The tie-up of the new US home of veteran bond investor Bill Gross and the UK’s third-largest listed fund management company and comes at time of increasing pressure on active fund managers like Janus and Henderson.
The deal is being billed as a “merger of equals” with Andrew Formica, chief executive of Henderson, and Dick Weil, chief executive of Janus, sharing a co-chief executive role in the new Janus Henderson Global Investors.
However, the deal is being as a structured as a takeover by Henderson. Henderson shareholders will take a 57 per cent stake in the combined company, with Janus shareholders taking the other 43 per cent.
Henderson chairman Richard Gillingwater will lead the combined board and the headquarters of the group will remain in London in a boost for the city’s position as a financial capital following the UK’s vote to leave the EU.
The combined group, which will have a market capitalisation of around $6.5bn based on Monday’s share price moves, will apply to trade in New York as its primary listing, with Henderson retaining an existing listing in Australia. However, Henderson will no longer be listed in London following the merger.
“Janus’ strength in the US markets will be combined with Henderson’s strength in the UK and European markets to create a truly global asset manager with a diverse geographic footprint which closely matches the global fund management industry,” the two companies said.
The companies said Janus’s largest shareholder, Daiichi Life, had already committed to supporting the merger. Shares in Henderson, a FTSE 250 company, rose more than 19 per cent at the market open on Monday, giving it a market capitalisation of about £3bn. The deal is expected to complete in the second quarter of next year.
Henderson and Janus are targetting of $110m of cost benefits following the deal – much of which will come from savings on office and IT costs.
Uncertainty following the UK’s vote to leave the EU in late June led to a sharp fall in fund sales across Europe in the three months to the beginning of July, marking a challenging quarter for many of the world’s largest asset managers.
However, Mr Formica said on Monday that the Brexit vote had not deterred the two companies from striking a deal. He said conversations between the two companies began at the start of the year and “straddled the Brexit vote”.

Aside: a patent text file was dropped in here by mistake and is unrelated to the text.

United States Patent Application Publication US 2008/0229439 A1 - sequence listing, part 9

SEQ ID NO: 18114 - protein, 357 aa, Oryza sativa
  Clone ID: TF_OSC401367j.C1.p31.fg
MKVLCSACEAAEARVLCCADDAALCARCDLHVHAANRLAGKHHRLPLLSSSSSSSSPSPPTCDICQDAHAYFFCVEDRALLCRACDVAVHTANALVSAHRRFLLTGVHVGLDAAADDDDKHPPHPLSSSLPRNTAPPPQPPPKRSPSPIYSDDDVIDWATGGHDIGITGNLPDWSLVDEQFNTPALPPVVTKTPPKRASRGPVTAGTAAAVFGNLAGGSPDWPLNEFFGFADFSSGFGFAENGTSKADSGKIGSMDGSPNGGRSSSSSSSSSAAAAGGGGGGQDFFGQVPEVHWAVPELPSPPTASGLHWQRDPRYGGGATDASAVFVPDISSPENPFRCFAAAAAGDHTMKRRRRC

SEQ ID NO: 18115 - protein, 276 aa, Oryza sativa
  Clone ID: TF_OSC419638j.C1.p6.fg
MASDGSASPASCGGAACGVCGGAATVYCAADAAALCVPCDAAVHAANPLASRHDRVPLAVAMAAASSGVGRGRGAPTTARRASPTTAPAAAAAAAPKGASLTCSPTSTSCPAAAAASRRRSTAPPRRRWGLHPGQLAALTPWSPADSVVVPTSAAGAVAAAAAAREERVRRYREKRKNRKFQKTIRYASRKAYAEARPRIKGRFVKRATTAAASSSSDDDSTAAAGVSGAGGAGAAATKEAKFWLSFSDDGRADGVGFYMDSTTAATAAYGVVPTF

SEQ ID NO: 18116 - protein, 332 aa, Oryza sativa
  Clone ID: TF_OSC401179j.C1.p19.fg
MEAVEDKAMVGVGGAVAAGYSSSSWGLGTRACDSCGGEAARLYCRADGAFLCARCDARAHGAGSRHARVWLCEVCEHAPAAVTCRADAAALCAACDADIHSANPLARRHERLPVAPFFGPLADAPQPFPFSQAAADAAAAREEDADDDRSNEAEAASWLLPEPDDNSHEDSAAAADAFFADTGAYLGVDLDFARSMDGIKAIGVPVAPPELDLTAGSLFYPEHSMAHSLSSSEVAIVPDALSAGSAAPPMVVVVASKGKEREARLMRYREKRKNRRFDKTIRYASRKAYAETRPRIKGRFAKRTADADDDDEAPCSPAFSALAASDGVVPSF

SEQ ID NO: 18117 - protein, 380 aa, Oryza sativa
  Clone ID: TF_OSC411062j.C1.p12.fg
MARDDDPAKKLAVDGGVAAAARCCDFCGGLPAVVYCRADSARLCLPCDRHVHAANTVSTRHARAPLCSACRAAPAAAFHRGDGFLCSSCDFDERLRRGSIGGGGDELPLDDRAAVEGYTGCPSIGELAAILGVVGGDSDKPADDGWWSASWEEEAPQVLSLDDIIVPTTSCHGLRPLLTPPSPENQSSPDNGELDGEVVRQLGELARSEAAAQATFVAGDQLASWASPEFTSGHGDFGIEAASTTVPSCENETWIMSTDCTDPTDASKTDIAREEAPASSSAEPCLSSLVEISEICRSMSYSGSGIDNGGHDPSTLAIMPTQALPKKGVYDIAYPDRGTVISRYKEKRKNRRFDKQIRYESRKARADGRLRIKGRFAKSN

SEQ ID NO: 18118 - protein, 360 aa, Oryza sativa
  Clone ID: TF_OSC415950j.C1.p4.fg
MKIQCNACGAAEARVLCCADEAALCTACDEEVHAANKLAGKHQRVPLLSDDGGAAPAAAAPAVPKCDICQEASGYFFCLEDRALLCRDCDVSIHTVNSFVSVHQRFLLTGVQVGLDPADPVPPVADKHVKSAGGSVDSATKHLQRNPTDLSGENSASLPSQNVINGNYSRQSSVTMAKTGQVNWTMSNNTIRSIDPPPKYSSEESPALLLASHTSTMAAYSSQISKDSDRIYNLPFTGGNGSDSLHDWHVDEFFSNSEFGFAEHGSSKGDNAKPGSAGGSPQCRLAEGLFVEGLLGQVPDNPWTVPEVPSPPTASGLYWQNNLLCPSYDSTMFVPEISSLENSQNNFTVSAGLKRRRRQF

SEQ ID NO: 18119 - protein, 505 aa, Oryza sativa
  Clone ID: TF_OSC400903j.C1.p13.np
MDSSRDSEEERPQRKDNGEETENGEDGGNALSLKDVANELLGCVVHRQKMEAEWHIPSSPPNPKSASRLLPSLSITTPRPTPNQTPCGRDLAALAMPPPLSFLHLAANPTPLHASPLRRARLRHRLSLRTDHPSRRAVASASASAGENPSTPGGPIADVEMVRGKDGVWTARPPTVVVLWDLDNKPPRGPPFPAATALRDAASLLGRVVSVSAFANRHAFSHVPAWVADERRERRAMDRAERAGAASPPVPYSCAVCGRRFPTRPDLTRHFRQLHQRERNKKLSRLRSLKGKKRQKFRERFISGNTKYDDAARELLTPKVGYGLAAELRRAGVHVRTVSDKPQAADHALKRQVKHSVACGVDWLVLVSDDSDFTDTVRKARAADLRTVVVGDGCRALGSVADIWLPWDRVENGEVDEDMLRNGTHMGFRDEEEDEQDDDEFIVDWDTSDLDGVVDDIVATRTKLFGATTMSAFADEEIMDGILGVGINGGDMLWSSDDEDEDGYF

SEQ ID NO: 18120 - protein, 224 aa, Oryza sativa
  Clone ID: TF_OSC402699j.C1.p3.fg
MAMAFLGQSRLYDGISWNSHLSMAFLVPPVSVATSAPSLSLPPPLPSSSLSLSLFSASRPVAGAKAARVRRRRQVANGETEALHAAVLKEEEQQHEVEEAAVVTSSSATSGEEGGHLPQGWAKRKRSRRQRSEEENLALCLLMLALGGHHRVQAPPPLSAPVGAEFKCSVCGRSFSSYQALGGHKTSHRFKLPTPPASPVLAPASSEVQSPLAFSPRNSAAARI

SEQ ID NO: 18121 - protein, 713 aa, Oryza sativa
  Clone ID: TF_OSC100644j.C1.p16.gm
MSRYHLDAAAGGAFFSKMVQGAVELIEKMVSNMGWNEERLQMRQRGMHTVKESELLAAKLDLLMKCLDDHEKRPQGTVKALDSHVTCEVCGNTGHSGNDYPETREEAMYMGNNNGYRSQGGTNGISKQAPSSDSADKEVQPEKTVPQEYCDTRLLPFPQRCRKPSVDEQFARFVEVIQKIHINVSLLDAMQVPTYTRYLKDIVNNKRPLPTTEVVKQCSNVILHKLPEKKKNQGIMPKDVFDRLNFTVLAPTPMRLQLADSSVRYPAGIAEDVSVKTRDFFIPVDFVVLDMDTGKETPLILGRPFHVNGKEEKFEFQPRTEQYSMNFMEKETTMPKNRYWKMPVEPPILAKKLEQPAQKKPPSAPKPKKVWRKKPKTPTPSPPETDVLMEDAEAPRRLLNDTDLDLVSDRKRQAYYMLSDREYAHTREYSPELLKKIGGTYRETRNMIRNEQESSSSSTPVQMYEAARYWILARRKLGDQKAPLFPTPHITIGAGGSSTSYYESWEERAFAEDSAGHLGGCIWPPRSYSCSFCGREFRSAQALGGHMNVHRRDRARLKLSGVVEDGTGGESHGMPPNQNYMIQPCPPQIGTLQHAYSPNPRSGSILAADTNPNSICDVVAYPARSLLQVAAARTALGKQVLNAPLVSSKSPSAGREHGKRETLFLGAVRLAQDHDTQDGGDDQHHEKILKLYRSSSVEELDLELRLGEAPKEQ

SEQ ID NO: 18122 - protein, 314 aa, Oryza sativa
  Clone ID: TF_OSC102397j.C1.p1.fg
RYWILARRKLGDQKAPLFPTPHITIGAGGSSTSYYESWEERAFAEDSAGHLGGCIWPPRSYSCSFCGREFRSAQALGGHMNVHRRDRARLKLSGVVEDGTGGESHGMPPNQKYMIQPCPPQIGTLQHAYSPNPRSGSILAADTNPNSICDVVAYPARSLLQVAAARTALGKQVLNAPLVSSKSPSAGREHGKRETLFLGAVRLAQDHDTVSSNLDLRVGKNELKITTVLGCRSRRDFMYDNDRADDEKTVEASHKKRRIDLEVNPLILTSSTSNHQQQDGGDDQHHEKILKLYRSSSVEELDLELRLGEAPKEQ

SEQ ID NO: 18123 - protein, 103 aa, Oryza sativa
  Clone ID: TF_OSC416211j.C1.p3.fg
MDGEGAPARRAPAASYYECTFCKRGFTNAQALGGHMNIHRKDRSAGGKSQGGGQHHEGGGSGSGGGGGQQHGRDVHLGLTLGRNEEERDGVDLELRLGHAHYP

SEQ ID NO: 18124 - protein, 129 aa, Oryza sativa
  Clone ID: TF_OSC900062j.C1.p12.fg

“London remains the most global financial centre and I expect that to be the case despite Brexit. For timezone reasons, infrastructure reasons, we’ll keep our headquarters in London,” he said.
“The deal does not represent a defensive move and has nothing to do with the growth of passive management. Both organisations have great growth potential … but we might have lost ground with big clients if we were not a global supplier.”
The fund industry has come under pressure to consolidate in recent years due to a significant investor shift from active management to low-cost tracker funds, which is hitting profit margins. Both Henderson and Janus are known for their active management capabilities.
Last year, the global fund industry’s average operating margins, or the ratio of profits to net sales, fell for the first time since the 2008-09 financial crisis, according to Casey Quirk, the consultancy.
Consultants at McKinsey estimate that between 30 and 35 per cent of the profits earned by investment managers globally could be “wiped out” by 2018, unless more radical steps are taken to cut costs.
Henderson, which is in the middle of a five-year growth strategy that is due to conclude at the end of 2018, has a history of buying other asset managers. This included Gartmore in 2011 and New Star — originally founded by John Duffield — in 2009.
Several asset managers, including Man Group, a listed alternative manager, and Schroders, the UK’s largest listed fund house, have indicated they want to acquire an investment manager in order to grow.
Mark Dampier, head of investment research at Hargreaves Lansdown, said: “On the face of it, the deal makes a lot of sense and the groups complement each other. Scale can help keep costs down for fund groups, allowing them to offer more competitive fund pricing, while still delivering good active performance.
“The fund management industry is polarising, with the likes of Henderson and Janus seeing the benefits of scale at one end, and smaller boutique fund management groups focusing on niche propositions at the other. Those in the middle will need to be on their game to keep up.”
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